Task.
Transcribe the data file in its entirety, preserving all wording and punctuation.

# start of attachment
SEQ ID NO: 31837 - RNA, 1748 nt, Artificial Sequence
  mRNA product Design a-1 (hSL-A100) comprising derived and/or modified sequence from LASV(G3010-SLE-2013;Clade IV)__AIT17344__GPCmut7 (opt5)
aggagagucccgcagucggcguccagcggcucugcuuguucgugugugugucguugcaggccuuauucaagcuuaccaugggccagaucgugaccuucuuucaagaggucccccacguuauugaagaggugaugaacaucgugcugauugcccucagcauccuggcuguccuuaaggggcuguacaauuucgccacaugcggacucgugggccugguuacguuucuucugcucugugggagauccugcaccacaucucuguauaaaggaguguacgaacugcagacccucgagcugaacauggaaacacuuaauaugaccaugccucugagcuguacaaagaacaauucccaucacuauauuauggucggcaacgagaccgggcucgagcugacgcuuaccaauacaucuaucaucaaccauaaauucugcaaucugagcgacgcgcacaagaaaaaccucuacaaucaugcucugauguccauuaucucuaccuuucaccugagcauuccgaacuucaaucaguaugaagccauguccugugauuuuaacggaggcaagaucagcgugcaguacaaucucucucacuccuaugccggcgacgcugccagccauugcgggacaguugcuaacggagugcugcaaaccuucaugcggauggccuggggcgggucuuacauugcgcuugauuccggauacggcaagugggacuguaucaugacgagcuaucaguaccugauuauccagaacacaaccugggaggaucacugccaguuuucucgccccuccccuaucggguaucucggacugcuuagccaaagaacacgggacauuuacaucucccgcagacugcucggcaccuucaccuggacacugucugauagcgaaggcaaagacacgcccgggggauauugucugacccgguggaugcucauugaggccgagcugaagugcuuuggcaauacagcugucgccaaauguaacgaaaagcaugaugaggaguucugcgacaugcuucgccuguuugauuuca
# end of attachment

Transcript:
SEQ ID NO: 31837 - RNA, 1748 nt, Artificial Sequence
  mRNA product Design a-1 (hSL-A100) comprising derived and/or modified sequence from LASV(G3010-SLE-2013;Clade IV)__AIT17344__GPCmut7 (opt5)
aggagagucccgcagucggcguccagcggcucugcuuguucgugugugugucguugcaggccuuauucaagcuuaccaugggccagaucgugaccuucuuucaagaggucccccacguuauugaagaggugaugaacaucgugcugauugcccucagcauccuggcuguccuuaaggggcuguacaauuucgccacaugcggacucgugggccugguuacguuucuucugcucugugggagauccugcaccacaucucuguauaaaggaguguacgaacugcagacccucgagcugaacauggaaacacuuaauaugaccaugccucugagcuguacaaagaacaauucccaucacuauauuauggucggcaacgagaccgggcucgagcugacgcuuaccaauacaucuaucaucaaccauaaauucugcaaucugagcgacgcgcacaagaaaaaccucuacaaucaugcucugauguccauuaucucuaccuuucaccugagcauuccgaacuucaaucaguaugaagccauguccugugauuuuaacggaggcaagaucagcgugcaguacaaucucucucacuccuaugccggcgacgcugccagccauugcgggacaguugcuaacggagugcugcaaaccuucaugcggauggccuggggcgggucuuacauugcgcuugauuccggauacggcaagugggacuguaucaugacgagcuaucaguaccugauuauccagaacacaaccugggaggaucacugccaguuuucucgccccuccccuaucggguaucucggacugcuuagccaaagaacacgggacauuuacaucucccgcagacugcucggcaccuucaccuggacacugucugauagcgaaggcaaagacacgcccgggggauauugucugacccgguggaugcucauugaggccgagcugaagugcuuuggcaauacagcugucgccaaauguaacgaaaagcaugaugaggaguucugcgacaugcuucgccuguuugauuuca